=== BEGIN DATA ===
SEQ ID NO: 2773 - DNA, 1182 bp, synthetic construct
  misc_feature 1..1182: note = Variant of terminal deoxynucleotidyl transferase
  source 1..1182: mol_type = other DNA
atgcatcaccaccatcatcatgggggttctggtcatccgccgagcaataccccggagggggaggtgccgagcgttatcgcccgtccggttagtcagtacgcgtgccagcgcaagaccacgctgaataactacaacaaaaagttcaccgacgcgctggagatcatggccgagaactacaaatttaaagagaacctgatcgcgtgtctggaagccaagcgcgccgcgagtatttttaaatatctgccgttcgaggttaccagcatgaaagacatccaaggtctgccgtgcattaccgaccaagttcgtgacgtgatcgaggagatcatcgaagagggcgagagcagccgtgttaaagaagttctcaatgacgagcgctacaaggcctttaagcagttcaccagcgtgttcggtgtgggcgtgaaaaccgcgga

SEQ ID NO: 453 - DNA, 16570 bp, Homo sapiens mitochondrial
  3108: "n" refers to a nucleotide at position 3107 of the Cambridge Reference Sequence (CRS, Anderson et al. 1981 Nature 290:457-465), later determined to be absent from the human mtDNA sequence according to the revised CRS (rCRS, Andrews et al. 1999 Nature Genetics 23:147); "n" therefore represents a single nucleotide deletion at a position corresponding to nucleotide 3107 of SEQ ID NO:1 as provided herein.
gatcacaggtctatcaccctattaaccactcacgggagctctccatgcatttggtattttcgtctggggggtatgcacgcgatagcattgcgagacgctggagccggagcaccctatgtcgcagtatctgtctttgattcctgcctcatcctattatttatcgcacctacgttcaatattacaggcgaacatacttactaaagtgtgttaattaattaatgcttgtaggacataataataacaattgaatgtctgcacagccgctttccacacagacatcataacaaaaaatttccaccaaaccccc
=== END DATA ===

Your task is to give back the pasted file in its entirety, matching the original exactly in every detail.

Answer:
SEQ ID NO: 2773 - DNA, 1182 bp, synthetic construct
  misc_feature 1..1182: note = Variant of terminal deoxynucleotidyl transferase
  source 1..1182: mol_type = other DNA
atgcatcaccaccatcatcatgggggttctggtcatccgccgagcaataccccggagggggaggtgccgagcgttatcgcccgtccggttagtcagtacgcgtgccagcgcaagaccacgctgaataactacaacaaaaagttcaccgacgcgctggagatcatggccgagaactacaaatttaaagagaacctgatcgcgtgtctggaagccaagcgcgccgcgagtatttttaaatatctgccgttcgaggttaccagcatgaaagacatccaaggtctgccgtgcattaccgaccaagttcgtgacgtgatcgaggagatcatcgaagagggcgagagcagccgtgttaaagaagttctcaatgacgagcgctacaaggcctttaagcagttcaccagcgtgttcggtgtgggcgtgaaaaccgcgga

SEQ ID NO: 453 - DNA, 16570 bp, Homo sapiens mitochondrial
  3108: "n" refers to a nucleotide at position 3107 of the Cambridge Reference Sequence (CRS, Anderson et al. 1981 Nature 290:457-465), later determined to be absent from the human mtDNA sequence according to the revised CRS (rCRS, Andrews et al. 1999 Nature Genetics 23:147); "n" therefore represents a single nucleotide deletion at a position corresponding to nucleotide 3107 of SEQ ID NO:1 as provided herein.
gatcacaggtctatcaccctattaaccactcacgggagctctccatgcatttggtattttcgtctggggggtatgcacgcgatagcattgcgagacgctggagccggagcaccctatgtcgcagtatctgtctttgattcctgcctcatcctattatttatcgcacctacgttcaatattacaggcgaacatacttactaaagtgtgttaattaattaatgcttgtaggacataataataacaattgaatgtctgcacagccgctttccacacagacatcataacaaaaaatttccaccaaaccccc